Michael Learned was the mama bear of The Waltons, in front of the camera and off of it.
On the show, she was Olivia Walton, mother of seven, tending to her family in rural Virginia during the Great Depression. Off-camera, Learned had her own children, but she often stood up for her TV kids.
In an interview four years ago with Closer Weekly, some of the actors who played The Waltons children, revealed several problems with Lorimar, the studio. Some of them alleged that the studio was cheap and didn’t treat the kids well.
“The running joke was that Lorimar was so cheap that their idea of a party was one can of beer and 13 straws,” Learned told Closer.
Judy Norton, who portrayed the oldest daughter Mary Ellen, said Learned was embarrassed that she received a large flower bouquet from the studio, yet the child actors got zilch.
“She went to the producers and said, ‘These kids have given you years of their lives and you can’t even get them something?’” Norton told Closer. “We ended up getting a little muffin basket with, like, three muffins in it.”
The Waltons Was a Soothing Show During Anxious Times
The Waltons premiered in 1972. It was one of the top series on television, with fans tuning in each week to see the family drama. The country was going through political and economic strife, so it was soothing to watch a wholesome show from an unfamiliar time.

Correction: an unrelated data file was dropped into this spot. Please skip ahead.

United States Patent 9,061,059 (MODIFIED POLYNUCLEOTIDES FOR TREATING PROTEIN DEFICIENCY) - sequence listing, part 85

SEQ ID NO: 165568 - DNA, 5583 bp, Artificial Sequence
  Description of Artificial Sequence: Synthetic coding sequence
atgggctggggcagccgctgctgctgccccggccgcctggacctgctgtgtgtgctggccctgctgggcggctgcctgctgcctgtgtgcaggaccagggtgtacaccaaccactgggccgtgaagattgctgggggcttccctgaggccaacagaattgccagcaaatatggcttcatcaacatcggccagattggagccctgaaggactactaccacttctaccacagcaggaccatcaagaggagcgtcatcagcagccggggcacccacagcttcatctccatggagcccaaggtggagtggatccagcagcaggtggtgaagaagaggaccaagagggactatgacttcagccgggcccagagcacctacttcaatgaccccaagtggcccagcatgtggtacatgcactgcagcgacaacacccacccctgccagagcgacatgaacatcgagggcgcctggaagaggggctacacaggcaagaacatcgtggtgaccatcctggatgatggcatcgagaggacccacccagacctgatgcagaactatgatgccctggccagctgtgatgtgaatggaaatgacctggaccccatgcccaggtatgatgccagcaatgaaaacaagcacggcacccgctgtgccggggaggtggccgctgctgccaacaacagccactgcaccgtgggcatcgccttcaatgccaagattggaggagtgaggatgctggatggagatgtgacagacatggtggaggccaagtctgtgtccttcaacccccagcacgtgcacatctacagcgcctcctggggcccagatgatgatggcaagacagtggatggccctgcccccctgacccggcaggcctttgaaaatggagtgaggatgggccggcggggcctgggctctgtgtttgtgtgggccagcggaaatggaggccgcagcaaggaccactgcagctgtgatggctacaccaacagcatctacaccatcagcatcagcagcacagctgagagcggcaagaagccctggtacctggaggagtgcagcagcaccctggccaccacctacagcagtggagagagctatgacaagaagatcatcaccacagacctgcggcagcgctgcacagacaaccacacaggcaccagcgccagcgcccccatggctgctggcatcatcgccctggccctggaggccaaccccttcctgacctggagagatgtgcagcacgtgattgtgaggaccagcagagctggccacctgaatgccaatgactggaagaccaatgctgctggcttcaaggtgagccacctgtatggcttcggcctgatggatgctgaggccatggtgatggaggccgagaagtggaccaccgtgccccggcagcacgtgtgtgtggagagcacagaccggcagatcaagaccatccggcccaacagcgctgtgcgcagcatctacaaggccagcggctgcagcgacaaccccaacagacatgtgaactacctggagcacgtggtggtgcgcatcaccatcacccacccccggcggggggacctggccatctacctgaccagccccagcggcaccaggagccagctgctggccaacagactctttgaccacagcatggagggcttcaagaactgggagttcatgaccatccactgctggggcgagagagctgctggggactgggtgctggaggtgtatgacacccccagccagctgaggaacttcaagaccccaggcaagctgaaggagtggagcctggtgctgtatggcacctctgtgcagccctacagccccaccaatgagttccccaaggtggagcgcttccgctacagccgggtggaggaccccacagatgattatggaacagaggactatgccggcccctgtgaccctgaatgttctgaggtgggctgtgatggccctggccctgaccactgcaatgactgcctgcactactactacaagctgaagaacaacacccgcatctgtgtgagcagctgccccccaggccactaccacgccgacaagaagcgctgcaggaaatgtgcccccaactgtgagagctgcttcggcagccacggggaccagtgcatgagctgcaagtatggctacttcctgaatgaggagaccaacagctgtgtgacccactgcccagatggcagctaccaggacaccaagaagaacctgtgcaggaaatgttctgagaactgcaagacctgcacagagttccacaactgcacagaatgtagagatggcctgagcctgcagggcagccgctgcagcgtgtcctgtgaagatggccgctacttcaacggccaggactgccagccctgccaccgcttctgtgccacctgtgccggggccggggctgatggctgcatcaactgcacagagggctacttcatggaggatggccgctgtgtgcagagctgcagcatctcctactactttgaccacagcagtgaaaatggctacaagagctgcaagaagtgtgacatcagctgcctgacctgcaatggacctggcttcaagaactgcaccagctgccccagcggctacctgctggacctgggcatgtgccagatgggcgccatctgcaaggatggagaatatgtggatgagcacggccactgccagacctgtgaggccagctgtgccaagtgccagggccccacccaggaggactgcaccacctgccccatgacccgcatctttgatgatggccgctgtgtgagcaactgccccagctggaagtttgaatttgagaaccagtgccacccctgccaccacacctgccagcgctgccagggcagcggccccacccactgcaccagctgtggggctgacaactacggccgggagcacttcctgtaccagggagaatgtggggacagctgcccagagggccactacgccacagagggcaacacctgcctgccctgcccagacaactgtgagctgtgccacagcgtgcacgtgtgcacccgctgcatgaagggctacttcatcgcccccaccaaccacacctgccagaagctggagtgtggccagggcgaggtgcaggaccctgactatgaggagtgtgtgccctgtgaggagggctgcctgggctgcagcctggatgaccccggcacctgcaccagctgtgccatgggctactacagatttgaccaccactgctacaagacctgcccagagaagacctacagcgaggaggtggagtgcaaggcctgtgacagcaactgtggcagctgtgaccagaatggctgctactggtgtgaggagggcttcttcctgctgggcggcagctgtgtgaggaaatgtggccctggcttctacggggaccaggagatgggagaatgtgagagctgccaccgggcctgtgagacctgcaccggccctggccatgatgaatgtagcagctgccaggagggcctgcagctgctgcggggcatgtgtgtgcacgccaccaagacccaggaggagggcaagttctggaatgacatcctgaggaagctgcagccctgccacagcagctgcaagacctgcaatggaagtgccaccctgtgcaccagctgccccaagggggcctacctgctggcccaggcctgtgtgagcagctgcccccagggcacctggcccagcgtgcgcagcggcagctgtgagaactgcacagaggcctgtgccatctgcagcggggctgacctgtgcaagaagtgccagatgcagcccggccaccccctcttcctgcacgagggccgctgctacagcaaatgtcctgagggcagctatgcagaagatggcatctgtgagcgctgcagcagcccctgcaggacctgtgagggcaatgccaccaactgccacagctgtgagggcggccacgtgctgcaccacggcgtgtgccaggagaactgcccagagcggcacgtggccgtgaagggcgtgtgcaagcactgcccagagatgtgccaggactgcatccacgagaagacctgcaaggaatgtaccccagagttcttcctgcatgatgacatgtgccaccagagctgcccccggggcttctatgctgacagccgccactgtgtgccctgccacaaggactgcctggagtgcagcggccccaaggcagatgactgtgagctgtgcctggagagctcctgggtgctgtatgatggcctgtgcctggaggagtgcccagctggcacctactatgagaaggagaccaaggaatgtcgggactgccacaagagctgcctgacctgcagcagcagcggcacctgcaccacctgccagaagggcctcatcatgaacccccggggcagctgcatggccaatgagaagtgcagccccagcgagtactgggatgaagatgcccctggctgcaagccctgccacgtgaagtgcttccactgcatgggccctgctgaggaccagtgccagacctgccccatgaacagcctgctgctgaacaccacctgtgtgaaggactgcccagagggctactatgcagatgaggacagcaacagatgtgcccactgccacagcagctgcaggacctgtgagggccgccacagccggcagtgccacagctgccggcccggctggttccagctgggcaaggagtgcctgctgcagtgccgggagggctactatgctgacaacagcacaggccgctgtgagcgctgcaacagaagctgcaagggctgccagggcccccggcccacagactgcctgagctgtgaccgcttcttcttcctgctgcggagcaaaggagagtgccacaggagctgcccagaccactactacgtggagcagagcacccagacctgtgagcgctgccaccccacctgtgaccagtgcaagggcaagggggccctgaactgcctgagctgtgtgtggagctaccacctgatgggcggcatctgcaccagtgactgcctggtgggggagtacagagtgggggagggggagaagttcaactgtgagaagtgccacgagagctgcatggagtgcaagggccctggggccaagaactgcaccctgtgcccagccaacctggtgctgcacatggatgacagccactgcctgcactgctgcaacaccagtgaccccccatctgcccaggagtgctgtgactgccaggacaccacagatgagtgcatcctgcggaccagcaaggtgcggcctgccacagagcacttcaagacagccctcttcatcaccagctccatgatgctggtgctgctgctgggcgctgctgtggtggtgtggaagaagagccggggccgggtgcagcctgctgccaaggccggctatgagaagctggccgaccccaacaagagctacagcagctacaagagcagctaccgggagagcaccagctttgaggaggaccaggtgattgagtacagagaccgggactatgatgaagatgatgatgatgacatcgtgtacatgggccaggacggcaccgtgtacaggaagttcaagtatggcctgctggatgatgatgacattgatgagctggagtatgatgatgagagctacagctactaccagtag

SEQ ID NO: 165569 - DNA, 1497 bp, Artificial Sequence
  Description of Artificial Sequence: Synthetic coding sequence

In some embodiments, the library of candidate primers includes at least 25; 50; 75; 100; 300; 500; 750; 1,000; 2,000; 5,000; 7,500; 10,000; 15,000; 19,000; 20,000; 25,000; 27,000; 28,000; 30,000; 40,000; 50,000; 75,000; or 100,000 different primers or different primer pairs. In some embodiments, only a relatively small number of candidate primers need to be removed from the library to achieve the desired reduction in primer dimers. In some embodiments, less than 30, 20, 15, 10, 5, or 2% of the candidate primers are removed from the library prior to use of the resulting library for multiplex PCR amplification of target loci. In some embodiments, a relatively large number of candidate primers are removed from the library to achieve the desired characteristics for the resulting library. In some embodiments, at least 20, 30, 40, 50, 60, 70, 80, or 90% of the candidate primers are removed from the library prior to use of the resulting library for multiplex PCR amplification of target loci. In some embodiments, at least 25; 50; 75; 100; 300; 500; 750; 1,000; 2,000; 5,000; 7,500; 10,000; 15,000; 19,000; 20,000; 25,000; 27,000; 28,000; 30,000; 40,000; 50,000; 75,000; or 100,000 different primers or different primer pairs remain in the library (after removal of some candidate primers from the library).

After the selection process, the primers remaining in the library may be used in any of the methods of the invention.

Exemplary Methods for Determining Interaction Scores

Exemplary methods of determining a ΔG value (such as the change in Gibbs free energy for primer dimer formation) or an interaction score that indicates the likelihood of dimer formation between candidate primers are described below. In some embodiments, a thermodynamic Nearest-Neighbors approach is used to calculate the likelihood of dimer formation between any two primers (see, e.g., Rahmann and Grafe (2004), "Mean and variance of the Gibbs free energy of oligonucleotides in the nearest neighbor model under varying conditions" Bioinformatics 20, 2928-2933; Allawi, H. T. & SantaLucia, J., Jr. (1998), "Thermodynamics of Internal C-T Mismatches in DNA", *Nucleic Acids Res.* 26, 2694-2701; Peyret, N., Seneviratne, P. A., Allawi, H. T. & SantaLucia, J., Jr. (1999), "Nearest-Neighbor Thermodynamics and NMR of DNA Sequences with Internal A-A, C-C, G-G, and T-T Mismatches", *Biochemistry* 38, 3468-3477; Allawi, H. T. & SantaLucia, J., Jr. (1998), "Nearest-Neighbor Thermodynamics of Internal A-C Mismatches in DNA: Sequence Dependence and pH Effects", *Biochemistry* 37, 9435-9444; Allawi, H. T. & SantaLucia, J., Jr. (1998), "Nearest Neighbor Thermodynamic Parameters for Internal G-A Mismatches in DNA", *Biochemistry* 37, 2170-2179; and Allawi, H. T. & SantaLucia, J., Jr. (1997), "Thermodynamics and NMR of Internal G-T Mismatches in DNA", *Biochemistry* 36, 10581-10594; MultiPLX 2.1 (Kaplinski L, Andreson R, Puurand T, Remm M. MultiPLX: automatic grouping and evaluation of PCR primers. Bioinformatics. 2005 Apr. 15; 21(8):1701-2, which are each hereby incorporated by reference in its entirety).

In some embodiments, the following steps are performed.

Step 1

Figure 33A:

While Learned loved her Waltons kids, she did point out how difficult it was to film with so many children.
In an interview with the Archive of American Television in 2014, Learned discussed what it was like to film with kids. There was a tediousness that came with all the rules of shooting the show with child actors. Learned said that the lengthy days took her away from her own family, all because of the mandated waiting around for her TV kids to get through a school day.
“Actors who do hour shows, they earn their money, they really do,” said Learned, The Waltons star. “Because (when) we’re working with kids and animals, there were limitations, so sometimes we adults would have to wait. And there were no cell phones back then.
There’s always a ton of waiting while filming. But back in the 1970s, you had limited options on how to kill time.
“Even though I only lived five minutes from the studio, there were times I’d just be hanging around for six or seven hours before I actually worked,” Learned said. “I’d be in makeup … and I hated that part of it. We didn’t have fancy dressing rooms in the beginning. So we were in these tiny little trailers and it was hot. It was boring and boring was the worst thing in the world.”